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Travels in China
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In 1974 Roland Barthes travelled in China as part of a small delegation of distinguished French philosophers and literary figures. They arrived in China just as the last stage of the Cultural Revolution was getting underway - the campaign to criticize Lin Biao and Confucius. While they were welcomed by writers and academics, the travelers were required to follow a pre-established itinerary, visiting factories and construction sites, frequenting shows and restaurants that were the mainstay of Western visitors to China in the 70s. Barthes planned to return from the trip with a book on China: the book never materialized, but he kept the diary notes he wrote at the time. The notes on things seen, smelled and heard alternate with reflections and remarks - meditations, critiques or notes of sympathy, an aside from the surrounding world. Published now for the first time more than thirty years after the trip, these notebooks offer a unique portrait of China at a time of turbulence and change, seen through the eyes of the world s greatest semiotician.
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Table of Contents

Introduction Map of China Roland Barthes: Notes from a Visit to China Notebook 1 Notebook 2 Notebook 3 Notes for Notebooks 1-3 Notebook 4 Thematic index Index of proper names Facsimile of Notebook 1 (Roland Barthes Archives, IMEC)

About the Author

Roland Barthes (1915-1980) was a French essayist and social and literary critic.

Reviews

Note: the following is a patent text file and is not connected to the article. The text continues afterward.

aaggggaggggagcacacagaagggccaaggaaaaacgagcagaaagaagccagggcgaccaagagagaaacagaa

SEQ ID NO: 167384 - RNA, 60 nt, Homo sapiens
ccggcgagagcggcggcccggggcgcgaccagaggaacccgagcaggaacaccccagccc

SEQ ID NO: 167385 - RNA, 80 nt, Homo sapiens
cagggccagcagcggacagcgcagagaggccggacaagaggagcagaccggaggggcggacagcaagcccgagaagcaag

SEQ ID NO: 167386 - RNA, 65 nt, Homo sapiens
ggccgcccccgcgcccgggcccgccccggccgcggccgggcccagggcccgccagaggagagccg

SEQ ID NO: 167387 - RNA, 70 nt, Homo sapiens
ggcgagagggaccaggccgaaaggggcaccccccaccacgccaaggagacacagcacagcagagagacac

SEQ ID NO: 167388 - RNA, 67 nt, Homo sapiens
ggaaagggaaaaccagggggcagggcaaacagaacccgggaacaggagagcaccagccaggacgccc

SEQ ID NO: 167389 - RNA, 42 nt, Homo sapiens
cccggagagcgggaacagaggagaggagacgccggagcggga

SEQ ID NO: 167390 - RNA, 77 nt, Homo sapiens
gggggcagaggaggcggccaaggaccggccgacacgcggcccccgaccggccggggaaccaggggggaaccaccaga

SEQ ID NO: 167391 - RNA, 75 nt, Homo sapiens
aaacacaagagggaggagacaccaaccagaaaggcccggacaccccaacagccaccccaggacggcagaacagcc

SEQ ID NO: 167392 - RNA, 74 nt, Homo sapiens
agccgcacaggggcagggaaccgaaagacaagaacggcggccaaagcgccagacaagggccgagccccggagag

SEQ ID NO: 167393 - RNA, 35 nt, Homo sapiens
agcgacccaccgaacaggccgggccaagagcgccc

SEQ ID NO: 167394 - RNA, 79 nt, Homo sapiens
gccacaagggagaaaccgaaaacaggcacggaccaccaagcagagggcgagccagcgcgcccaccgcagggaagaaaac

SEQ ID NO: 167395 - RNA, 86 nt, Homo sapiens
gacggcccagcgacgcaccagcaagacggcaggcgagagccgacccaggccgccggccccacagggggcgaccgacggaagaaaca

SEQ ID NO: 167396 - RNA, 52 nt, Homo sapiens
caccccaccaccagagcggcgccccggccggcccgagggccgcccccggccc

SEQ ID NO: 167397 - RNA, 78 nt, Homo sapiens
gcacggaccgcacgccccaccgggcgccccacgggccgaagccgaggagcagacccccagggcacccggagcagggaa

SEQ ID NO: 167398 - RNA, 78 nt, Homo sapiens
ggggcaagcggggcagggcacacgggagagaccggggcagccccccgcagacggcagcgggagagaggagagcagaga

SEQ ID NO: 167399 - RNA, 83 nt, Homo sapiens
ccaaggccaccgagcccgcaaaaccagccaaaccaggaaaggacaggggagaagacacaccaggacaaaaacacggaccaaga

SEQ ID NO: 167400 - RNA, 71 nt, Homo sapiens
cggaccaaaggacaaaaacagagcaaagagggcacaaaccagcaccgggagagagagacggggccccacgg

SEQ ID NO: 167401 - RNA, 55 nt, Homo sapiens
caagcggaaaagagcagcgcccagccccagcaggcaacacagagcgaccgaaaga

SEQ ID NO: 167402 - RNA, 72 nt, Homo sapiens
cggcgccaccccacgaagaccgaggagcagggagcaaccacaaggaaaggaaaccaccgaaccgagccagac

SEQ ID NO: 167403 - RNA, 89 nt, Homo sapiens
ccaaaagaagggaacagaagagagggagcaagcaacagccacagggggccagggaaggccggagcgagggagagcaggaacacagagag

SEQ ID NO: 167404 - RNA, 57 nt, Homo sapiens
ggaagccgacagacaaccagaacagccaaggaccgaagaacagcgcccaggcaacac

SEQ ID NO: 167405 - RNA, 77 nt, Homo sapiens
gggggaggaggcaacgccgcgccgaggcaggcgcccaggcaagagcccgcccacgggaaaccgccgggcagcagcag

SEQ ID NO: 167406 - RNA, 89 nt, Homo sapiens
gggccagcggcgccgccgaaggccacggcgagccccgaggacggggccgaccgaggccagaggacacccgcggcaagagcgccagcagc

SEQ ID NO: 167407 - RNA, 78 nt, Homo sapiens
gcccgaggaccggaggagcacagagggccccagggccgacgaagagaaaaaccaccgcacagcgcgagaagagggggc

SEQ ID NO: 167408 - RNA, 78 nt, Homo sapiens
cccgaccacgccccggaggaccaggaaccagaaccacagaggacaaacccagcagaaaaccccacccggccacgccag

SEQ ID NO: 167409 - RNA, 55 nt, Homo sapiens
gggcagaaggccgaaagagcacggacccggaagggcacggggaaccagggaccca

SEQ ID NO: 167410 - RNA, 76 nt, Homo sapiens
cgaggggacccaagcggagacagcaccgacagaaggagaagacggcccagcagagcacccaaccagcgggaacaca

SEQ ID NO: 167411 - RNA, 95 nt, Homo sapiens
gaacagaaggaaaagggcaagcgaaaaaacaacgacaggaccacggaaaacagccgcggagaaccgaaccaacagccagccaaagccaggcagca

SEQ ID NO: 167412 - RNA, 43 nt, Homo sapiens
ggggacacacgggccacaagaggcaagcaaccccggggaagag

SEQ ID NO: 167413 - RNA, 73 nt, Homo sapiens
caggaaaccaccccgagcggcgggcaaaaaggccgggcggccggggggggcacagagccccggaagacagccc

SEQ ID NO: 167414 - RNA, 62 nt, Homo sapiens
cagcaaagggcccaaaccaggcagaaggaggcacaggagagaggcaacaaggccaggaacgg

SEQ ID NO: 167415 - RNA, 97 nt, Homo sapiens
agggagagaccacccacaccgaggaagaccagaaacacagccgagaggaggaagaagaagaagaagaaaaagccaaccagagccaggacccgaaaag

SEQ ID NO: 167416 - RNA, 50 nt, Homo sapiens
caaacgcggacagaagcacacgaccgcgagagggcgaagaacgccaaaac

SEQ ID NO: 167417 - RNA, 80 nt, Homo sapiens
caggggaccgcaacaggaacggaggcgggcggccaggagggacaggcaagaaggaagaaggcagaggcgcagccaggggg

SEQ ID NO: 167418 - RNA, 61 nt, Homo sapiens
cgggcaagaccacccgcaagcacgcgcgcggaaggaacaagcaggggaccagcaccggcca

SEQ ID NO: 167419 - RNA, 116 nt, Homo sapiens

"The book's most charming aspect is his little sketches: ofhairstyles, or statues, or seating plans, and one tiny caricatureof a near-featureless but somehow reassuring Confucius, anapparition perhaps of one whom Barthes wished to meet butdidn't." TheGuardian "The three notebooks that make up 'Travels in China' recordimpressions of what Barthes sees, hears, eats, and thinks in thepresent tense, so that we feel as if we re perched on hisshoulder, watching the events unfold in real time." LosAngeles Review of Books "These writings present an encounter between one of modernFrance's most influential intellectuals and a China undergoingprofound change and adjustement." TimesHigher Education "An entertainingly frank personal travelogue." TheNewark Star-Ledger "Travels in China presents the drama of the leftist semiotician ina world in which there doesn't seem to be anything left tointerpret In general, this collection calls to mind thosemay Utopias verging on dystopias in which, all social problemshaving been solved, society lapses into a stultifying bordeom -except that this wasn't a fantasy of the future but rather anencounter with what existed in the here and now." New Statesman "A China that was in the throes of its cultural revolution wasperhaps the perfect location for the unsentimental, observant andwry writer, who loved nothing more than to burst the vain balloonsof human life. It is all here, from the greasy rice spoiling hisnew trousers on the way out, to the official and officious goodbyeat Beijing." Good Book Guide "Reveals a figure who saw failure before his contemporaries andfound Tel Quel 's Maoist phase to be far from a great leapforward." Times Literary Supplement "Barthes's notebooks show three things that differentiate himfrom many useful idiots, as Lenin once put it, of the time: he washonest about what he saw in China, he was bored most of the time,and he was gay." Literary Review "This is an image of pre-capitalist China, a snapshot of anation that has changed utterly in the past 35 years." Sydney Morning Herald "Barthes writes with his customary insight and style." Conde Nast Traveller "These notebooks, object of much controversy when published inFrance, record Barthes' ateempts to take an interest in Mao's Chinaand his disaffection from the eager political discussions of hisFrench companions. Though Barthes would doubtless have opposed thepublicatino of this combination of dutiful note-taking and intimatenotations, these fragments give an unfiltered picture of hisaffective reactions, touristic boredom, and sexualfrustration." Jonathan Culler, Cornell University "What's delicate and even discreetly political about theseengaging notes on a brief trip to China is the liveliness ofBarthes's resistance to the obvious and his continuing quest forthe oblique and curious. He was too subtle a thinker simply toendorse the unpredictable; but he knew when to worry aboutpredictability, even in a good cause." Michael Wood, Princeton University

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